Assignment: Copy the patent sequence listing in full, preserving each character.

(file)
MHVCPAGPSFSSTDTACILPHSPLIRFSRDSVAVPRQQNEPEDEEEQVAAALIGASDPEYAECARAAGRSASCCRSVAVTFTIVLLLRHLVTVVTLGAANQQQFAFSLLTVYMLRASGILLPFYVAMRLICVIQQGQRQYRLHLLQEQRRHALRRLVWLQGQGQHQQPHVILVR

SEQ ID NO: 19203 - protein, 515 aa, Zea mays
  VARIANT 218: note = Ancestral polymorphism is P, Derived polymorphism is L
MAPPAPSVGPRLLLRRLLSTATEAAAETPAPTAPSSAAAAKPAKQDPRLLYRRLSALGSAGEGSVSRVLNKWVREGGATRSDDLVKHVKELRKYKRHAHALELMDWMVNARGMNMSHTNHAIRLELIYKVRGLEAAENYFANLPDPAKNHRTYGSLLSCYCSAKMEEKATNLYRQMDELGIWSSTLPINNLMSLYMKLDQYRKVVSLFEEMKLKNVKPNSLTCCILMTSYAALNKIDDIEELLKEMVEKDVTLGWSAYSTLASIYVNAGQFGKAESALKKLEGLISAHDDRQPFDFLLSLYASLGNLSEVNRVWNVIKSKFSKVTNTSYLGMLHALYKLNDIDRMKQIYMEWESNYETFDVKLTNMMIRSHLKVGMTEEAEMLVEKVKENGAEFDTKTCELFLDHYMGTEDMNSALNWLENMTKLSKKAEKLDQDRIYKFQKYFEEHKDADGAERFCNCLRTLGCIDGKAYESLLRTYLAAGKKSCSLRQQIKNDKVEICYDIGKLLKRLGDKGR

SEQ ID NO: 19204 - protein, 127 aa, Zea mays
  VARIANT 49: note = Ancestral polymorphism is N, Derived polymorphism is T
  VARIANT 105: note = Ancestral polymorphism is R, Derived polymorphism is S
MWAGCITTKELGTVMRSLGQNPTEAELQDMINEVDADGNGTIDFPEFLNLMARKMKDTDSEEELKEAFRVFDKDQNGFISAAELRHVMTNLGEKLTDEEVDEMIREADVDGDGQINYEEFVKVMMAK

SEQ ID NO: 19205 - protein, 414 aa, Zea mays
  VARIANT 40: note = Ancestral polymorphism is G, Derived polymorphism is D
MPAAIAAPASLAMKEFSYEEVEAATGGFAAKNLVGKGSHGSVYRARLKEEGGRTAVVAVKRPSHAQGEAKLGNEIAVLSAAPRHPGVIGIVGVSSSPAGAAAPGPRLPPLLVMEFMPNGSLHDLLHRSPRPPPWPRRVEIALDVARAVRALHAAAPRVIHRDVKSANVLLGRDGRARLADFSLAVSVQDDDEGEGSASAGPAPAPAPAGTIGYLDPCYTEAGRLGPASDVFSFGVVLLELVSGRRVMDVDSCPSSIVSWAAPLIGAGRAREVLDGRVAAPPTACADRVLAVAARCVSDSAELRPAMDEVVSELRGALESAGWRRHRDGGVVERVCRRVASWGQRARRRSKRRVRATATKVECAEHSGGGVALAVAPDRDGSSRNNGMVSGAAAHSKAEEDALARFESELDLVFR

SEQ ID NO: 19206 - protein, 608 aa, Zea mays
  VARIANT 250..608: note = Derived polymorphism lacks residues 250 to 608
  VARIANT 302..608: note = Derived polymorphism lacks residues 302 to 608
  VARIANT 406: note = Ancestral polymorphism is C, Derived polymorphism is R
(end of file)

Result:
MHVCPAGPSFSSTDTACILPHSPLIRFSRDSVAVPRQQNEPEDEEEQVAAALIGASDPEYAECARAAGRSASCCRSVAVTFTIVLLLRHLVTVVTLGAANQQQFAFSLLTVYMLRASGILLPFYVAMRLICVIQQGQRQYRLHLLQEQRRHALRRLVWLQGQGQHQQPHVILVR

SEQ ID NO: 19203 - protein, 515 aa, Zea mays
  VARIANT 218: note = Ancestral polymorphism is P, Derived polymorphism is L
MAPPAPSVGPRLLLRRLLSTATEAAAETPAPTAPSSAAAAKPAKQDPRLLYRRLSALGSAGEGSVSRVLNKWVREGGATRSDDLVKHVKELRKYKRHAHALELMDWMVNARGMNMSHTNHAIRLELIYKVRGLEAAENYFANLPDPAKNHRTYGSLLSCYCSAKMEEKATNLYRQMDELGIWSSTLPINNLMSLYMKLDQYRKVVSLFEEMKLKNVKPNSLTCCILMTSYAALNKIDDIEELLKEMVEKDVTLGWSAYSTLASIYVNAGQFGKAESALKKLEGLISAHDDRQPFDFLLSLYASLGNLSEVNRVWNVIKSKFSKVTNTSYLGMLHALYKLNDIDRMKQIYMEWESNYETFDVKLTNMMIRSHLKVGMTEEAEMLVEKVKENGAEFDTKTCELFLDHYMGTEDMNSALNWLENMTKLSKKAEKLDQDRIYKFQKYFEEHKDADGAERFCNCLRTLGCIDGKAYESLLRTYLAAGKKSCSLRQQIKNDKVEICYDIGKLLKRLGDKGR

SEQ ID NO: 19204 - protein, 127 aa, Zea mays
  VARIANT 49: note = Ancestral polymorphism is N, Derived polymorphism is T
  VARIANT 105: note = Ancestral polymorphism is R, Derived polymorphism is S
MWAGCITTKELGTVMRSLGQNPTEAELQDMINEVDADGNGTIDFPEFLNLMARKMKDTDSEEELKEAFRVFDKDQNGFISAAELRHVMTNLGEKLTDEEVDEMIREADVDGDGQINYEEFVKVMMAK

SEQ ID NO: 19205 - protein, 414 aa, Zea mays
  VARIANT 40: note = Ancestral polymorphism is G, Derived polymorphism is D
MPAAIAAPASLAMKEFSYEEVEAATGGFAAKNLVGKGSHGSVYRARLKEEGGRTAVVAVKRPSHAQGEAKLGNEIAVLSAAPRHPGVIGIVGVSSSPAGAAAPGPRLPPLLVMEFMPNGSLHDLLHRSPRPPPWPRRVEIALDVARAVRALHAAAPRVIHRDVKSANVLLGRDGRARLADFSLAVSVQDDDEGEGSASAGPAPAPAPAGTIGYLDPCYTEAGRLGPASDVFSFGVVLLELVSGRRVMDVDSCPSSIVSWAAPLIGAGRAREVLDGRVAAPPTACADRVLAVAARCVSDSAELRPAMDEVVSELRGALESAGWRRHRDGGVVERVCRRVASWGQRARRRSKRRVRATATKVECAEHSGGGVALAVAPDRDGSSRNNGMVSGAAAHSKAEEDALARFESELDLVFR

SEQ ID NO: 19206 - protein, 608 aa, Zea mays
  VARIANT 250..608: note = Derived polymorphism lacks residues 250 to 608
  VARIANT 302..608: note = Derived polymorphism lacks residues 302 to 608
  VARIANT 406: note = Ancestral polymorphism is C, Derived polymorphism is R